keywords = "Alcoholism, Anorexia nervosa, Bulimia nervosa, Eating behaviors, Family history, Psychopathology",
author = "Graham Redgrave and Janelle Coughlin and Heinberg, {Leslie J.} and Guarda, {Angela S}",
year = "2007",
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AU - Coughlin, Janelle

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N2 - Objective: We examined the influence of family history of alcoholism on the presentation and course of inpatients with eating disorders (ED) by comparing ED behaviors, substance abuse behaviors, and psychopathology of patients with alcoholic first-degree relatives (AFDR+) to those without alcoholic first-degree relatives (AFDR-). Method: Female inpatients admitted to a specialty eating disorders service completed demographic, family history, behavioral, and psychological questionnaires (N = 217). Body mass index (BMI) at admission and discharge, length of stay, and rates of weight gain were calculated. Results: AFDR+ participants did not differ from AFDR- participants diagnostically, but AFDR+ participants did report higher lifetime frequencies of several ED and substance abuse behaviors. Measures of ED psychopathology and personality vulnerability were also elevated in the AFDR+ group. Discussion: ED inpatients with a first-degree family history of alcoholism demonstrate increased psychopathology in eating behavior, substance use, and personality vulnerability domains. While the genetic diathesis for alcoholism is likely distinct from that for eating disorders, these findings suggest that first-degree relative history of alcoholism may nevertheless exert a negative influence on eating disorder behaviors.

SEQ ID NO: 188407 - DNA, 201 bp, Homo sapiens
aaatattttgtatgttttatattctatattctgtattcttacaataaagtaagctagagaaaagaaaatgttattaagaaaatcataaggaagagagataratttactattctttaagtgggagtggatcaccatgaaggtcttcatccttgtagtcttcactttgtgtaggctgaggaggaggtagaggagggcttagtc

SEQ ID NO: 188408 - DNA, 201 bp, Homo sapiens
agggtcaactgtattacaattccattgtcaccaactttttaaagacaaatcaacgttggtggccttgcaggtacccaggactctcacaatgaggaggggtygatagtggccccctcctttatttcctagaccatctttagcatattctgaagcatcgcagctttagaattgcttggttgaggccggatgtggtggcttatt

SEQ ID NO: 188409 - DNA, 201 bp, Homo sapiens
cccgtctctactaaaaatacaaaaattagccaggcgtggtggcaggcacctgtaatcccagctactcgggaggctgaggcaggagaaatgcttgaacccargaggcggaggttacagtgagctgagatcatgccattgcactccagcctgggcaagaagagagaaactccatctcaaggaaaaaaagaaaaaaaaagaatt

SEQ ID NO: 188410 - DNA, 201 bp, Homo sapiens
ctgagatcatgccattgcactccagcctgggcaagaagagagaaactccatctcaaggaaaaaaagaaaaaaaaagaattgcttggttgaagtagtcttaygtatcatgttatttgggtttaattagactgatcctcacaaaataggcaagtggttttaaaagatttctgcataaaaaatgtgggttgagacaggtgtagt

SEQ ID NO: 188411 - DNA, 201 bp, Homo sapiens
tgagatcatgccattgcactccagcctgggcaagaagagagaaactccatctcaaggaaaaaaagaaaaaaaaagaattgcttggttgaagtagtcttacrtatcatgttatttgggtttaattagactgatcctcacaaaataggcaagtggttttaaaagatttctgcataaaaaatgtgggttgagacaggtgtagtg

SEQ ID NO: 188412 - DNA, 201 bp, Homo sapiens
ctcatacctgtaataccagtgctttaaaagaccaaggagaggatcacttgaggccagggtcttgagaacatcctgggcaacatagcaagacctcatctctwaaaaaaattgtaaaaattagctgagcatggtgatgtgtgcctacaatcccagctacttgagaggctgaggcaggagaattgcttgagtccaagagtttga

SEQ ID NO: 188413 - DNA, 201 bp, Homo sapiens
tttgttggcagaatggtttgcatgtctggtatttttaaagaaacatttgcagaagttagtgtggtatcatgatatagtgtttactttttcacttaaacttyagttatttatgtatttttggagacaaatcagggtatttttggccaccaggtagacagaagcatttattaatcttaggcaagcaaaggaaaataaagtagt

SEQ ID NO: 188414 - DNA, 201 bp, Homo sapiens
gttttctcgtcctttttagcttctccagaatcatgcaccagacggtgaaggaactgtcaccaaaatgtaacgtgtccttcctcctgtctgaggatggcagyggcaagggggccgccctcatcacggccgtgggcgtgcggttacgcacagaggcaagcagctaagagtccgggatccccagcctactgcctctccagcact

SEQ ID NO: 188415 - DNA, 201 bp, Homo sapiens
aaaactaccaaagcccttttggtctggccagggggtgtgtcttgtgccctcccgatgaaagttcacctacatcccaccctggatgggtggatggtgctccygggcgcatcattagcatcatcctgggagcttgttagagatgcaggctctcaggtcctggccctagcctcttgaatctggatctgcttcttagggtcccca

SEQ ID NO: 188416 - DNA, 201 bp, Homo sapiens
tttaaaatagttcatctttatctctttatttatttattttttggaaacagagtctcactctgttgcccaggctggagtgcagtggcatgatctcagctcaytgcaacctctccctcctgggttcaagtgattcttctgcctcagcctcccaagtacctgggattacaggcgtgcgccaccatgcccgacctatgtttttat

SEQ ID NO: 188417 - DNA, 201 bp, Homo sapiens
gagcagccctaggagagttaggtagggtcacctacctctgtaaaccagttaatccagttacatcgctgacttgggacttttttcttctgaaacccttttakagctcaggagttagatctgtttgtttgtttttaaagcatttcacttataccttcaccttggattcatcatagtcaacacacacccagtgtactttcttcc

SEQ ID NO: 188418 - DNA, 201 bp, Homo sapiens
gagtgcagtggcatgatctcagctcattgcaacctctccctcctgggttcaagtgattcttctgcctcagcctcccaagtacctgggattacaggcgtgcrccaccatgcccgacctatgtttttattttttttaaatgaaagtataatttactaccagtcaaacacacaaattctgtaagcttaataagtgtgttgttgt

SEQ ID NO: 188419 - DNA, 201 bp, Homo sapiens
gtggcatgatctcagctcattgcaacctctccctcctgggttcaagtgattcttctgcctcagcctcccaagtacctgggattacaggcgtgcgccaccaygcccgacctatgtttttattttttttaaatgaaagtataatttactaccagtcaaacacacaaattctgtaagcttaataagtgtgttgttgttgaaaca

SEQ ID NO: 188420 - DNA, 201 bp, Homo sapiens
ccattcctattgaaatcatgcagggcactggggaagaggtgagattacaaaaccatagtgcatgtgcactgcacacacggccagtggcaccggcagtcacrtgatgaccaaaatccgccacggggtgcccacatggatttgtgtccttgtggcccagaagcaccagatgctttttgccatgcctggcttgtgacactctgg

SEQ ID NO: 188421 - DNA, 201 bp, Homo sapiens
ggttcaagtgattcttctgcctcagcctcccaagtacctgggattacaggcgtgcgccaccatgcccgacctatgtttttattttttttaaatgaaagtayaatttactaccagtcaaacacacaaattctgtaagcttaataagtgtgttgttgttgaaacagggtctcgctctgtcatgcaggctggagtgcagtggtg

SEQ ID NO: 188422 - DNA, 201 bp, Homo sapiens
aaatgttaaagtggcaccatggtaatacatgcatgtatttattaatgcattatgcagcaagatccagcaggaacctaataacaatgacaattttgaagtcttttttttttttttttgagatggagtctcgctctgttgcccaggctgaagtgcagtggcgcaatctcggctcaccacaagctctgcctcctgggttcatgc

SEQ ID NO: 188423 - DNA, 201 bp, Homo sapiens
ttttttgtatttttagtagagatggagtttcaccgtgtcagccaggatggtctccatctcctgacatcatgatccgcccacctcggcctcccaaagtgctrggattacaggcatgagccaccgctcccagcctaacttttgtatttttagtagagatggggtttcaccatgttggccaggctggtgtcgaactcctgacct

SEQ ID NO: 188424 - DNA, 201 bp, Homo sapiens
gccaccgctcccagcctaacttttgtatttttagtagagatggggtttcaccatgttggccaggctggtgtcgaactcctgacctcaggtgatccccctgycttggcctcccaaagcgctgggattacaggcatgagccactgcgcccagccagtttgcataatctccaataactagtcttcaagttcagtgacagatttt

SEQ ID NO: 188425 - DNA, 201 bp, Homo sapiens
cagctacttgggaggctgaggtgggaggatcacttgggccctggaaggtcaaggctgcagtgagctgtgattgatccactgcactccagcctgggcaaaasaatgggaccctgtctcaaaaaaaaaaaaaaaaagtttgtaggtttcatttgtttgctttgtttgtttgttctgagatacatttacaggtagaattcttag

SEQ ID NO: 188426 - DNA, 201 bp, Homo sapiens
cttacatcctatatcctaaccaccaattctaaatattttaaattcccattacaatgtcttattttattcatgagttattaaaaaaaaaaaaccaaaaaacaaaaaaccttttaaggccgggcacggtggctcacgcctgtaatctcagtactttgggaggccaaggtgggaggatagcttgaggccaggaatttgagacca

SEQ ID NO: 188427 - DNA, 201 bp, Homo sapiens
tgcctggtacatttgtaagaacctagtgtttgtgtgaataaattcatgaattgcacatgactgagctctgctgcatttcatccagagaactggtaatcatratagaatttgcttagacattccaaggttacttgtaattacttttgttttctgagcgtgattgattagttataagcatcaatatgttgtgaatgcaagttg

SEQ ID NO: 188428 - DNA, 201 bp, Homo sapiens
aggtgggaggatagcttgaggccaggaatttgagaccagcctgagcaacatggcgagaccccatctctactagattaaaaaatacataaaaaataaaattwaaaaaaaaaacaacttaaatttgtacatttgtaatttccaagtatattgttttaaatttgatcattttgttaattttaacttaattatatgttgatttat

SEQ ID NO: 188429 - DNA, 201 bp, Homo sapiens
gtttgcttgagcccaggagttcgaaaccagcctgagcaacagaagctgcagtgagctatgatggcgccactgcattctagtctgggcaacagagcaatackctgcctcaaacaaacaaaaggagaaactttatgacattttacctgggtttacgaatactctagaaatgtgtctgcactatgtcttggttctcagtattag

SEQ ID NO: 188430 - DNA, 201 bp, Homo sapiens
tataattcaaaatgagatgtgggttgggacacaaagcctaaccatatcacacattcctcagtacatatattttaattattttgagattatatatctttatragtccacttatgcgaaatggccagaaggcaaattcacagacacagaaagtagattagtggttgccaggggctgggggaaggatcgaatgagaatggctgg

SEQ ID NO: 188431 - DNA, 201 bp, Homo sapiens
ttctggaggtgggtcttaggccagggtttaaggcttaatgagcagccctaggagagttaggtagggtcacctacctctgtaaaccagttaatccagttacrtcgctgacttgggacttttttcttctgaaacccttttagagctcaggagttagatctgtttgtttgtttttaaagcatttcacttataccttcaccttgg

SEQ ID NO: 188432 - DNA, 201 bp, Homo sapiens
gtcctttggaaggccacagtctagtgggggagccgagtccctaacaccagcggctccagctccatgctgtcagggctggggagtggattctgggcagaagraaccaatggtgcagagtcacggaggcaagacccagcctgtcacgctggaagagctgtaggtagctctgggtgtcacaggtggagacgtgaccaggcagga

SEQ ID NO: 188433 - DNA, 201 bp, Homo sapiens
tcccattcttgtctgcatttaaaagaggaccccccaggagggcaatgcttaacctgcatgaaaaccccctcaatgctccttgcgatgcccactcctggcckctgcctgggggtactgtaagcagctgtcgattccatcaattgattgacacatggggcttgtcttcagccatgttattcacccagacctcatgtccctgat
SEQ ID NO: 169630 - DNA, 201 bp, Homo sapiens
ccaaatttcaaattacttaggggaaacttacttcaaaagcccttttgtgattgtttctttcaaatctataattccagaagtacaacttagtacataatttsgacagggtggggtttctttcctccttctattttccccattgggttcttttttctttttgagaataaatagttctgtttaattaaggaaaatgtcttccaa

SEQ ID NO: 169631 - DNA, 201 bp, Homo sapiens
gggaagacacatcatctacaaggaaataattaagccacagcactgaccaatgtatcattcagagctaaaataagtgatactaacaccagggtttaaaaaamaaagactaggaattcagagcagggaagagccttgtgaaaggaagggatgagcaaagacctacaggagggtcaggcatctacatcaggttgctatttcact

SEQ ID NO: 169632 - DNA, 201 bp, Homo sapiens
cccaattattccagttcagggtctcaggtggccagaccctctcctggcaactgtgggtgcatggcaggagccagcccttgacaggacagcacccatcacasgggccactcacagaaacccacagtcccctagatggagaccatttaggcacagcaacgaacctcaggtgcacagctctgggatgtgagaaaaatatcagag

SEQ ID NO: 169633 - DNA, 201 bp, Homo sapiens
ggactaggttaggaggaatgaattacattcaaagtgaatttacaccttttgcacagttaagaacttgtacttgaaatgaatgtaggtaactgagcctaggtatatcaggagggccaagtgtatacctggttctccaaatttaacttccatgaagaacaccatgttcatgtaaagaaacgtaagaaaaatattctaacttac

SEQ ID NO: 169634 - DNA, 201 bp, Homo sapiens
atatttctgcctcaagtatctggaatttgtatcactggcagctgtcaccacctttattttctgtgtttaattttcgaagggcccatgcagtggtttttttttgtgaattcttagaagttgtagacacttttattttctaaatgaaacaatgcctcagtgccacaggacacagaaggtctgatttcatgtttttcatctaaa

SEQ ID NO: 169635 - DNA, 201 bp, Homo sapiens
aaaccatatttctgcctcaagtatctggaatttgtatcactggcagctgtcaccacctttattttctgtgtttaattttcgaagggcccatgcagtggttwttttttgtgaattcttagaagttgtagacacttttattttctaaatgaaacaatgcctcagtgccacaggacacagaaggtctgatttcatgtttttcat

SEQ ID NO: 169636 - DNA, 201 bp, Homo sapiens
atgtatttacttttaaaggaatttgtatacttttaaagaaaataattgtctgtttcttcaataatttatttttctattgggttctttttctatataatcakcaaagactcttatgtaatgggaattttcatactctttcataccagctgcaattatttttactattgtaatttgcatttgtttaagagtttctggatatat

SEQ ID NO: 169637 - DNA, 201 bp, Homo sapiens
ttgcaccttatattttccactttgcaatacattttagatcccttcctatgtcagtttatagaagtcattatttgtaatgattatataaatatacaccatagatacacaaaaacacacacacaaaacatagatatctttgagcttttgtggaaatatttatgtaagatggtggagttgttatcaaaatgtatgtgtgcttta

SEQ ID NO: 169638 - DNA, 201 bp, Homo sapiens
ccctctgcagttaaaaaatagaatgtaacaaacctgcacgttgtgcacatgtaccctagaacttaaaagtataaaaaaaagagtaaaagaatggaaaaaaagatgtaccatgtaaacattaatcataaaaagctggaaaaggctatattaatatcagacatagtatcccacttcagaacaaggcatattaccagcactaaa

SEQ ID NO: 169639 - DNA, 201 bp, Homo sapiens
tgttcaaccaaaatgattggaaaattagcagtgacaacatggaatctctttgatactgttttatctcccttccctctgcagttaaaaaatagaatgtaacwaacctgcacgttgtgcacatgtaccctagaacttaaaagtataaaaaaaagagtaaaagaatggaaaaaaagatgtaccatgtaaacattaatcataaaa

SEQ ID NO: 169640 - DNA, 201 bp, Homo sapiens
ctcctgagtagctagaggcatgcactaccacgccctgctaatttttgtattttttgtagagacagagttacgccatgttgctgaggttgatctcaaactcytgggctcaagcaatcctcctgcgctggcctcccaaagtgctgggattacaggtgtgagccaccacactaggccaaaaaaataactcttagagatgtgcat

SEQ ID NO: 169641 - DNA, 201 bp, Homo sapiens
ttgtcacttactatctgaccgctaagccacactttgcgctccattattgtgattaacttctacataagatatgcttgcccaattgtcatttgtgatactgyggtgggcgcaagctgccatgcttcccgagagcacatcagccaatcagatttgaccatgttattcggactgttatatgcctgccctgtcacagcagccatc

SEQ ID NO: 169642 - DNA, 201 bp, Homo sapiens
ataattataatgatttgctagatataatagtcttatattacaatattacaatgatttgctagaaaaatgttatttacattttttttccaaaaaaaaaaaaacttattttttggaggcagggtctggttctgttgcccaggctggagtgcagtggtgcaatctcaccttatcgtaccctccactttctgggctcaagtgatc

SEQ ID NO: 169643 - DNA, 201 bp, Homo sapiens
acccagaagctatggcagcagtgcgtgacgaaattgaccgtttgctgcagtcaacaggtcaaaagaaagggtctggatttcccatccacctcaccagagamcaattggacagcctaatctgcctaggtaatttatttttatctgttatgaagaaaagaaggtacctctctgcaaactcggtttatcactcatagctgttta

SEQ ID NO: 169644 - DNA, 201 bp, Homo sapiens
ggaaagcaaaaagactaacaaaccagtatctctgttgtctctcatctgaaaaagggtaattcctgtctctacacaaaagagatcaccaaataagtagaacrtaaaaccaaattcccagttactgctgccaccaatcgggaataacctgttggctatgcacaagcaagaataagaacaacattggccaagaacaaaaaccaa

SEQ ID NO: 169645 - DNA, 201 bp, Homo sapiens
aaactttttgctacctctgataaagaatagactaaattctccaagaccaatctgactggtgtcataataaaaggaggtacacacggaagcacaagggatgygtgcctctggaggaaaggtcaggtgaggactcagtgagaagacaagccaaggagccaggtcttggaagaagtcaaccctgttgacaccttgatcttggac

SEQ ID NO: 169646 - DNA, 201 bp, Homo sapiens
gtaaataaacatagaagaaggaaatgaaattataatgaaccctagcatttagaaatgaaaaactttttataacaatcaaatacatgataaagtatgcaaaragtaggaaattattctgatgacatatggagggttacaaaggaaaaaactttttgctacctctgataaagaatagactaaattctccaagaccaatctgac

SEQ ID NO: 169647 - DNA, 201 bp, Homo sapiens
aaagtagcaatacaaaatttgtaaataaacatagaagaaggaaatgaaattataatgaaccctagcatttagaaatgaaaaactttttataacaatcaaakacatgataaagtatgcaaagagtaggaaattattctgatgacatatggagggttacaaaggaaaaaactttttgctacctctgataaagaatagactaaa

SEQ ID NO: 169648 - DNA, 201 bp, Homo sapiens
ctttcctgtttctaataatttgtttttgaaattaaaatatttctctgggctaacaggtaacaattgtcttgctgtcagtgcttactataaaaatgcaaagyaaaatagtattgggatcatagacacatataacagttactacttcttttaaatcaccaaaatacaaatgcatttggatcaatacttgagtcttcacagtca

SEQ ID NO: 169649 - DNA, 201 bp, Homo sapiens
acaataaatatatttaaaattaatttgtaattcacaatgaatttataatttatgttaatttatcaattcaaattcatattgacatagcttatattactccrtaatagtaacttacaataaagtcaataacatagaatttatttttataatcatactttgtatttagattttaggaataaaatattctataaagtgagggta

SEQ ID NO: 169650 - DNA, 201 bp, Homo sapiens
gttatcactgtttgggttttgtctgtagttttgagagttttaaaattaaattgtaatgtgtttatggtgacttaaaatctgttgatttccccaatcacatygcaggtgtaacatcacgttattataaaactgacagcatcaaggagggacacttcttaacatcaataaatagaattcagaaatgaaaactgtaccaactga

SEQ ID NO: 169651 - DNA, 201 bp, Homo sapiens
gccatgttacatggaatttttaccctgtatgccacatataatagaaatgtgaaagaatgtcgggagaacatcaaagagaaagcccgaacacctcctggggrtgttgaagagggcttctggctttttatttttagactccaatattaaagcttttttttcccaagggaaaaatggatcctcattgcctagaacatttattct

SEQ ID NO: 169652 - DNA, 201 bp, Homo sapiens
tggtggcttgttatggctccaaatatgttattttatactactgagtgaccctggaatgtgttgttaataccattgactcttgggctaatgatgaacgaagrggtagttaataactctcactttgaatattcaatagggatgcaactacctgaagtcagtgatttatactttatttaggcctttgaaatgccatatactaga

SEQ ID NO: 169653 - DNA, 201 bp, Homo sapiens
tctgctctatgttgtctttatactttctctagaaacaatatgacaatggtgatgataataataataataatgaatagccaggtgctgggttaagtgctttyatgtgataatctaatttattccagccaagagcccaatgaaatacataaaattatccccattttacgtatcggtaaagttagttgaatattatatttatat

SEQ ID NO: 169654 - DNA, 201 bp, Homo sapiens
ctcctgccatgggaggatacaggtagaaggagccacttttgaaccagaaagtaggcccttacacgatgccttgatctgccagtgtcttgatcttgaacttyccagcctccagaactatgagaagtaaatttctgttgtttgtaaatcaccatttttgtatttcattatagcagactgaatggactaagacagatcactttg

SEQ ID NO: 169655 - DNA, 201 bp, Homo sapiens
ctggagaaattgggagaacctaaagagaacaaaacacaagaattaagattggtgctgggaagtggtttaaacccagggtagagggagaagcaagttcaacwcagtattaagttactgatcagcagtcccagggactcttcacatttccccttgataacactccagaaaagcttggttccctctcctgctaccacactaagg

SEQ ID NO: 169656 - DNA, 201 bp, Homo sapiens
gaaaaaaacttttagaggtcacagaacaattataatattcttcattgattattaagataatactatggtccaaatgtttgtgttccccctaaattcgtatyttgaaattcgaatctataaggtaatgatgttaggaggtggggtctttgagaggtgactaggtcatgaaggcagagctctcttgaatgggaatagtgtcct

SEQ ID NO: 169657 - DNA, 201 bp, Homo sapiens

AB - Objective: We examined the influence of family history of alcoholism on the presentation and course of inpatients with eating disorders (ED) by comparing ED behaviors, substance abuse behaviors, and psychopathology of patients with alcoholic first-degree relatives (AFDR+) to those without alcoholic first-degree relatives (AFDR-). Method: Female inpatients admitted to a specialty eating disorders service completed demographic, family history, behavioral, and psychological questionnaires (N = 217). Body mass index (BMI) at admission and discharge, length of stay, and rates of weight gain were calculated. Results: AFDR+ participants did not differ from AFDR- participants diagnostically, but AFDR+ participants did report higher lifetime frequencies of several ED and substance abuse behaviors. Measures of ED psychopathology and personality vulnerability were also elevated in the AFDR+ group. Discussion: ED inpatients with a first-degree family history of alcoholism demonstrate increased psychopathology in eating behavior, substance use, and personality vulnerability domains. While the genetic diathesis for alcoholism is likely distinct from that for eating disorders, these findings suggest that first-degree relative history of alcoholism may nevertheless exert a negative influence on eating disorder behaviors.

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KW - Anorexia nervosa

KW - Bulimia nervosa

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KW - Family history

KW - Psychopathology